The papacy has taken an interesting step by inserting itself into the G8 debate framework and  by ordering the involvement of Italy in the process. Certainly, in much earlier times, the papacy was directly involved in such matters without better consequences in those times. History is the best  witness of that truth. Now, the pope indicates that we need a man in charge once again as if the G8 institution is really in charge beyond politics. The real charge has been given to multinational corporations including central bankers on a global basis. The central bankers operate as a global corporate fraternal brotherhood through none other than the Swiss and Rome. Is the papacy and politics going to ‘take authority back’ or have they really lost any authority? The reality is that the papacy already holds ‘such coveted authority’ through the central bankers. Most of them have simply forgotten their moral compass in their need to service their clients. Pope Benedict is simply reminding his league that he holds them to a higher priority and that they need to exert a new influence as they continue to profit from money lending.

G8 first ladies and pope

September 22, 2008

Robbery from American Taxpayers

bailout or pork barrel?

bailout or pork barrel?

“It is a big package because it’s a big problem,” Bush told reporters at a news conference. “The risk of doing nothing far outweighs the risk of the package.” Yet, most Americans seems to be irritated, if not entirely incensed about the prospect of bailing out wealthy bankers and insurance companies along with buying up worthless securitized bonds built by greed and corruption. Do Americans seem to care, even though authorities say that the alternative is total economic devastation? Americans do care, but realize that what the Bush Administration intends to do is not without substantial risk. Even more important are the real moral principles involved in the bailout. Moral and ethical concerns is exactly what the Bush Administration, Republicans and the Congress have been bereft of during the last two terms of office. An undercurrent of seething rage foments in the underground of American souls.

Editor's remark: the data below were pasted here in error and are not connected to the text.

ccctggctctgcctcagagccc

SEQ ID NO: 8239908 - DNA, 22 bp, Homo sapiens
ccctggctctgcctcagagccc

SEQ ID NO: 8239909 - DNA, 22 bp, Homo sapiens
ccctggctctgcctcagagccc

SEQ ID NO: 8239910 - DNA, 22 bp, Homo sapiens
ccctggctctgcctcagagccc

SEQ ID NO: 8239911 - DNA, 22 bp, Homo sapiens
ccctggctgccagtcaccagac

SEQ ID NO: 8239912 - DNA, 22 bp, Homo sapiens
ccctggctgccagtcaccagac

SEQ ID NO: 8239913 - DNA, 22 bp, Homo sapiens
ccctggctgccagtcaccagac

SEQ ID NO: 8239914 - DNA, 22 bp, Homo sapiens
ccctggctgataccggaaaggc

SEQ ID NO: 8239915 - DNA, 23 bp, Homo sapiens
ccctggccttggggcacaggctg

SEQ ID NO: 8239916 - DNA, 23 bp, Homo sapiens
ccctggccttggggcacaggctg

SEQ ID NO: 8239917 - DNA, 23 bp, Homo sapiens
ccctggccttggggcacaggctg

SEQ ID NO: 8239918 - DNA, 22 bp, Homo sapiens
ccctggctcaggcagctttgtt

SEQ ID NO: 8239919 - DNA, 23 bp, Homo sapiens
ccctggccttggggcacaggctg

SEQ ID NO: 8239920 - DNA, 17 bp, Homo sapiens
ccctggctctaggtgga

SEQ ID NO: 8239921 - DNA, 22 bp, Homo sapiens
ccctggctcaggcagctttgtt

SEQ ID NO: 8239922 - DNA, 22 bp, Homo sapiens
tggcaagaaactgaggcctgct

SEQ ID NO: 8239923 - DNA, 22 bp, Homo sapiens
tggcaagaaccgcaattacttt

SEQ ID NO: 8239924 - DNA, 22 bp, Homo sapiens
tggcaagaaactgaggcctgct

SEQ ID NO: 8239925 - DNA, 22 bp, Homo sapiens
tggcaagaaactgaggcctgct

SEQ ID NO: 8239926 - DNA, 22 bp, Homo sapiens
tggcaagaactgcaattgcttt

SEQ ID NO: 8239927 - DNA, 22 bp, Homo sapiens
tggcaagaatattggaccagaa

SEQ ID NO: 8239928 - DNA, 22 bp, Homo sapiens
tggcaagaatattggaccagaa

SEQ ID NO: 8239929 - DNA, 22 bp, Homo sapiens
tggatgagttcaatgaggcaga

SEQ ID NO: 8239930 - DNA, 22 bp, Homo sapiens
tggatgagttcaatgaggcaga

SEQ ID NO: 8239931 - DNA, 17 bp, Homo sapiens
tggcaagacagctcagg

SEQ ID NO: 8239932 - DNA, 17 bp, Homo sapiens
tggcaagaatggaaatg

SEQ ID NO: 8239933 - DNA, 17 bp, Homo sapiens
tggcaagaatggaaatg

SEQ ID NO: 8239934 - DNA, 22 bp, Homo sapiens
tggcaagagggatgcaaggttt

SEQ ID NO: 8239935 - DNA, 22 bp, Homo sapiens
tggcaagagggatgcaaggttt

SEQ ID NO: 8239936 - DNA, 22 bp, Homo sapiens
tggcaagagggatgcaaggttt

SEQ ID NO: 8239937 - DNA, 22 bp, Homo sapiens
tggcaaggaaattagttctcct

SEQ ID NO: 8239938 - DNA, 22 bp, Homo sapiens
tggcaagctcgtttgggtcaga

Americans have focused most of their indignation on having to foot the bill for irresponsible lenders and borrowers. The fact that little benefit to the economy or decent jobs for the American people will result from the trillion dollar bailout doesn’t make the bitter pill easier to swallow. However, the fact that Main Street America will suffer has some Americans rethinking their position.

the legacy of Bush